Bitter gourd or bitter melon plant and leaves contain conjugated linolenic acid (CLNA). Both conjugated linoleic acid (CLA) and CLNA provide health benefits from fat metabolism, muscle building, preventing heart diease, leukemia and others. Take probiotics or acidophilus (present in yogurt, in capsule as supplements) increase the uptake of CLNA and CLA. The leaves can be added in lentil soups while the plant can be cooked with seeds removed in many ways (just washed it in salt while squeezing its bitter content). Most body builders buy supplements containing CLNA and/or CLA.
• Bitter gourd is very low in calories, providing just 17 calories per 100g. Nevertheless, its pods are rich in phytonutrients like dietary fiber, minerals, vitamins and anti-oxidants.
• Bitter melon notably contains phyto-nutrient, polypeptide-P; a plant insulin known to lower blood sugar levels. In addition, it composes hypoglycemic agent called charantin. Charantin increases glucose uptake and glycogen synthesis in the cells of liver, muscle and adipose tissue. Together, these compounds are thought to be responsible for reduction of blood sugar levels in the treatment of type-2 diabetes.
• Fresh pods are an excellent source of folates, contain about 72 µg/100g (Provides 18% of RDA). Folate helps reduce the incidence of neural tube defects in the newborns when taken by mothers during early pregnancy.
• Fresh bitter melon is an excellent source of vitamin-C (100 g of raw pod provides 84 mg or about 140% of RDI). Vitamin-C, one of the powerful natural antioxidants, helps the body scavenge deleterious free radicals one of the reasons for cancer development.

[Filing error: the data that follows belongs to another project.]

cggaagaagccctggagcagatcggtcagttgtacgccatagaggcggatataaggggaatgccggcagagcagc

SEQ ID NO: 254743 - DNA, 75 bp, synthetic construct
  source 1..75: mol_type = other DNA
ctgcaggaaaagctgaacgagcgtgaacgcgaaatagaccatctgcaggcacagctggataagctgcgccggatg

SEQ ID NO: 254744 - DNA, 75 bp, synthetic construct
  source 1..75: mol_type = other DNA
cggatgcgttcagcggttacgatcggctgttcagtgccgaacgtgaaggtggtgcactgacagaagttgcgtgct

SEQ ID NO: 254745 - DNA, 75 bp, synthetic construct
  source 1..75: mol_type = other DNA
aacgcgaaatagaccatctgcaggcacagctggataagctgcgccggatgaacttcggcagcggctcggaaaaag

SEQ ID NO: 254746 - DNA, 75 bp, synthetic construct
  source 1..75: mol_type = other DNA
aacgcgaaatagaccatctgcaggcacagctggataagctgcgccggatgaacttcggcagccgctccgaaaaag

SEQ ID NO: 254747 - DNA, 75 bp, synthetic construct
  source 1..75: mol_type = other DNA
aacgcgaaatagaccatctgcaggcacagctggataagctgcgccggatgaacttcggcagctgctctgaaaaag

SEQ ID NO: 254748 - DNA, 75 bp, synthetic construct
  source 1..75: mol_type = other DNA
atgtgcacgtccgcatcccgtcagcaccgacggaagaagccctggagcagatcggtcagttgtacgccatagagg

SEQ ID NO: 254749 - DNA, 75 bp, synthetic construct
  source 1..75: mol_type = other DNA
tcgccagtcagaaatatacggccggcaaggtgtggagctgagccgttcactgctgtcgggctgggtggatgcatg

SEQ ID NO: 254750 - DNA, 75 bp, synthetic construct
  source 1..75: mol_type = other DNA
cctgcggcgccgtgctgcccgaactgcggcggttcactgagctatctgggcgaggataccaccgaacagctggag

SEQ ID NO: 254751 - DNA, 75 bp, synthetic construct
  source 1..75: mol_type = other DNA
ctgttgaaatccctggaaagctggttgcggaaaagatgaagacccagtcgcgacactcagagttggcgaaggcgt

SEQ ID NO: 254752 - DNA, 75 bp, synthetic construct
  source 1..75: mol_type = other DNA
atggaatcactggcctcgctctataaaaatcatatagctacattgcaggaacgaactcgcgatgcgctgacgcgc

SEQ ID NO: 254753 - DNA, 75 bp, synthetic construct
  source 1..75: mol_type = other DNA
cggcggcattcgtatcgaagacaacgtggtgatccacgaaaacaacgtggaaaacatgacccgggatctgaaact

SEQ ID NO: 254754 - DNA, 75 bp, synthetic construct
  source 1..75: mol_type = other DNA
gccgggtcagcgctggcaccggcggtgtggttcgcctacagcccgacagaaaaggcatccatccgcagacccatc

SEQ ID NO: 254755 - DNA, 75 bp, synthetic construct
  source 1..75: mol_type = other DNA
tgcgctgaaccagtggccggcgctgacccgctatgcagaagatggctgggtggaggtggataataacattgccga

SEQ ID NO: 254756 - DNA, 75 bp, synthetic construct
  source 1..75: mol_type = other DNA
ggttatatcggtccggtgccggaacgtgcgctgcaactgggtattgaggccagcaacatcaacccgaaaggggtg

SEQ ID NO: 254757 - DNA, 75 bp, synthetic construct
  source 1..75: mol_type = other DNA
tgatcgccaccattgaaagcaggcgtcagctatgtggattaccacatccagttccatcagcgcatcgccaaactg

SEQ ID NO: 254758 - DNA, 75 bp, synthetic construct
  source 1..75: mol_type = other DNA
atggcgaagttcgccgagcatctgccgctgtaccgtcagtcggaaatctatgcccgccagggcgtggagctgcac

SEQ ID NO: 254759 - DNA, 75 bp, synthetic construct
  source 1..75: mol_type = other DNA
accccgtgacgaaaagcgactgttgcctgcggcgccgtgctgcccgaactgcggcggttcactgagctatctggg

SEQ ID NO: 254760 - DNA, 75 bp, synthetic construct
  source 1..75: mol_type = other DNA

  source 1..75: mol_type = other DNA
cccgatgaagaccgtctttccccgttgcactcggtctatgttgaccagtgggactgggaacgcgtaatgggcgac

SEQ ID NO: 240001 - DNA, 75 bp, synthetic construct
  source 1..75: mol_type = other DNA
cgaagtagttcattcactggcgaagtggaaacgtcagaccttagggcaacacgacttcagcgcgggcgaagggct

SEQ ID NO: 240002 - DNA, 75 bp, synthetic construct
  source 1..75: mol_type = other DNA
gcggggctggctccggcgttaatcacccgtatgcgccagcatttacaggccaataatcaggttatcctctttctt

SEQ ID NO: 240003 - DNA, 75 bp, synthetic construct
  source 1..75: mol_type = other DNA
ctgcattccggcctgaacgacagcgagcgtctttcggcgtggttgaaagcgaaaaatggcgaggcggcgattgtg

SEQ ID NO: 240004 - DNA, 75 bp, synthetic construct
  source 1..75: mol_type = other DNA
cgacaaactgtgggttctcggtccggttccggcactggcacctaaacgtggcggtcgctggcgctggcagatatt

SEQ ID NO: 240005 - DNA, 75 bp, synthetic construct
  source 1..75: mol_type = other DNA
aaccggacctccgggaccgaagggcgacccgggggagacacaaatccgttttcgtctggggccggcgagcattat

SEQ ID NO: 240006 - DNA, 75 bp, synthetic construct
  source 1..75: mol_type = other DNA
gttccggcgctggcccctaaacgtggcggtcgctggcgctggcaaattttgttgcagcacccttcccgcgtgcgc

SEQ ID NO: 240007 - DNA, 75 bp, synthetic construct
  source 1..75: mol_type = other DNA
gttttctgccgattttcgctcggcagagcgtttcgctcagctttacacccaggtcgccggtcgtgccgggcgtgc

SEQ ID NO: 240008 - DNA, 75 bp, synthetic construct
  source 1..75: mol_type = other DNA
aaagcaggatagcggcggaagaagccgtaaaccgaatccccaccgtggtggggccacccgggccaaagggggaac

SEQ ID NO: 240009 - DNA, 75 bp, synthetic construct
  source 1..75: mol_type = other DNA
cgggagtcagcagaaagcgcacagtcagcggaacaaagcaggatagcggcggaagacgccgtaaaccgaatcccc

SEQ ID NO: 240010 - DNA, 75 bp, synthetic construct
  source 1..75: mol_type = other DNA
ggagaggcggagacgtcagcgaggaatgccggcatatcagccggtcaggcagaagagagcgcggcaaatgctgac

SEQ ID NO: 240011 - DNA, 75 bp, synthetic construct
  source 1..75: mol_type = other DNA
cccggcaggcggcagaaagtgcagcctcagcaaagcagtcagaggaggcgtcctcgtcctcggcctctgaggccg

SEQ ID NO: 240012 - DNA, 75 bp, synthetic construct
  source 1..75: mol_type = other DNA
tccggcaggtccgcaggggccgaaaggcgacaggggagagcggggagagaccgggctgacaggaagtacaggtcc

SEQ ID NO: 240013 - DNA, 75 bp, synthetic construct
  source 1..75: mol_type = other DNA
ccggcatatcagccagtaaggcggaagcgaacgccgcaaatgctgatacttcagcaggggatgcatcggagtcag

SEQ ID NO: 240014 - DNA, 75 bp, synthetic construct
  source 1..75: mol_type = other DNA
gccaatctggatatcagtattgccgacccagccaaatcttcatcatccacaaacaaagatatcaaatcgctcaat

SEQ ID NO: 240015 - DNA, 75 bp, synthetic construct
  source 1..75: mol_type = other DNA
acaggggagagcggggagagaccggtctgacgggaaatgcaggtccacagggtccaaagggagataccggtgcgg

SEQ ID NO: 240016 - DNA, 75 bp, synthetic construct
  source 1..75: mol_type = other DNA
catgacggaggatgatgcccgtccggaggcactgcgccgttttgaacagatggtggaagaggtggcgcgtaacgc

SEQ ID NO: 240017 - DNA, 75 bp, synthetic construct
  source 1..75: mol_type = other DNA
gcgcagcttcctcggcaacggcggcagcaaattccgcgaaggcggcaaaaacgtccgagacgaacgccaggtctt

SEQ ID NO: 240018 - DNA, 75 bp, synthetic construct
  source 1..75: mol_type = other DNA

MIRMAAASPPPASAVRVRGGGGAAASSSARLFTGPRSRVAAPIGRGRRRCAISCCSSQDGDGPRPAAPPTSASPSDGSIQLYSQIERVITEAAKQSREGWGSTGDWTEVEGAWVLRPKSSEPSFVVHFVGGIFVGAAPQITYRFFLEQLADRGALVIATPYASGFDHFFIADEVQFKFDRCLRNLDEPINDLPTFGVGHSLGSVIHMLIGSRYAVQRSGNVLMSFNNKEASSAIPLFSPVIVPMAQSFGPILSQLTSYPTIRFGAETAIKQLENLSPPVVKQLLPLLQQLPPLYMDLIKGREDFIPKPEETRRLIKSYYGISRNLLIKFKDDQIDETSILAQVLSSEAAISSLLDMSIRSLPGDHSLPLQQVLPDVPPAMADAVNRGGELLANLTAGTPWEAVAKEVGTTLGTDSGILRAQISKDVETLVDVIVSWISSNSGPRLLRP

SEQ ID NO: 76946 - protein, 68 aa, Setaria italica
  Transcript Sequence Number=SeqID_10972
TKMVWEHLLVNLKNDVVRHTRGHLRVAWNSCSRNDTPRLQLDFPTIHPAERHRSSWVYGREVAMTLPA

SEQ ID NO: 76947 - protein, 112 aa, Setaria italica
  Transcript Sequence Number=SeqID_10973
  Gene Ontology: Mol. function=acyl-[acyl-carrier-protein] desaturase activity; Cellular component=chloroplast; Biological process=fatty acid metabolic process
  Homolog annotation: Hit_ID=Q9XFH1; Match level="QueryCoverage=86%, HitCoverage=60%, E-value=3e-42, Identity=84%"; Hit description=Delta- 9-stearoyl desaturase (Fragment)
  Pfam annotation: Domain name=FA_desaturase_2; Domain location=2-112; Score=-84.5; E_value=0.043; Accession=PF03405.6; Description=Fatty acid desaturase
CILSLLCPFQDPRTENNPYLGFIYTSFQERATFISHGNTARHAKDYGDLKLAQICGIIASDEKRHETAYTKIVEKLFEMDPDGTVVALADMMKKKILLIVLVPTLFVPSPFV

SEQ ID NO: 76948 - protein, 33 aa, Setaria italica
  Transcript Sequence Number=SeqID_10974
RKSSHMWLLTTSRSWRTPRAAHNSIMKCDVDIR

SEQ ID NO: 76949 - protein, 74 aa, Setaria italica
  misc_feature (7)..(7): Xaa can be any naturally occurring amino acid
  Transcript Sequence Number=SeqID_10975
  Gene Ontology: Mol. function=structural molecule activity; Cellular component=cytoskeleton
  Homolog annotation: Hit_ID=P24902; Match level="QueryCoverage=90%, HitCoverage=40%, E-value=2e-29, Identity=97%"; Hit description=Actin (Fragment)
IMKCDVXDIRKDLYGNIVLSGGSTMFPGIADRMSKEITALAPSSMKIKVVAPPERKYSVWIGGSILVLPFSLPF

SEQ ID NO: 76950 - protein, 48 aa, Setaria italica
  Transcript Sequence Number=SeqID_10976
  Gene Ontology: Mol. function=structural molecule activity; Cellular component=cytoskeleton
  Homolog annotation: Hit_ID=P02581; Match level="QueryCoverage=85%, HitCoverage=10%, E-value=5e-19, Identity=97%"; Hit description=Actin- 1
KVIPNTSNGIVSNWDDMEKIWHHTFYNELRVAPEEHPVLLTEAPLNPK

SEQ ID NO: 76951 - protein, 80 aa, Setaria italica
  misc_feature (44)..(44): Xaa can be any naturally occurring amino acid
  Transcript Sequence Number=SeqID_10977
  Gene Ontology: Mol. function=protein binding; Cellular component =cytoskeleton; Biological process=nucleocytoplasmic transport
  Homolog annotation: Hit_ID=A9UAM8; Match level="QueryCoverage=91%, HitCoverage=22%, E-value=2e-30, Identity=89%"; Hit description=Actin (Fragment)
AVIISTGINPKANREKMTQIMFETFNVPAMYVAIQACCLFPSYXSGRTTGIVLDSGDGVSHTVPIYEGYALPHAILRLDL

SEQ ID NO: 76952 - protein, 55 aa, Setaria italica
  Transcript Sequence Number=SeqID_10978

• It is an excellent source of health benefiting flavonoids such as ß-carotene, α-carotene, lutein, and zea-xanthin. It also contains a good amount of vitamin A. Together; these compounds help act as protective scavengers against oxygen-derived free radicals and reactive oxygen species (ROS) that play a role in aging, cancers and various disease processes.
• Bitter melon stimulates easy digestion and peristalsis of food through the bowel until it is excreted from the body. Thus, helps in relieving indigestion and constipation problems.
• In addition, the vegetable is an also good source of niacin (vitamin B-3), pantothenic acid (vitamin B-5), pyridoxine (vitamin B-6) and minerals such as iron, zinc, potassium, manganese and magnesium.
• Early laboratory tests suggest that compounds in bitter melon might be effective for treating HIV infection.
Cooking: Squeezed it in salty water before cooking to lessen the bitterness. I also found out another anti-aging with anti-cancer properties in turmeric, green tea, aswaganda and bocopa in the supplement at http://www.lifevantage.com Email me for discount and to be a distributor firstname.lastname@example.org
Connie Dello Buono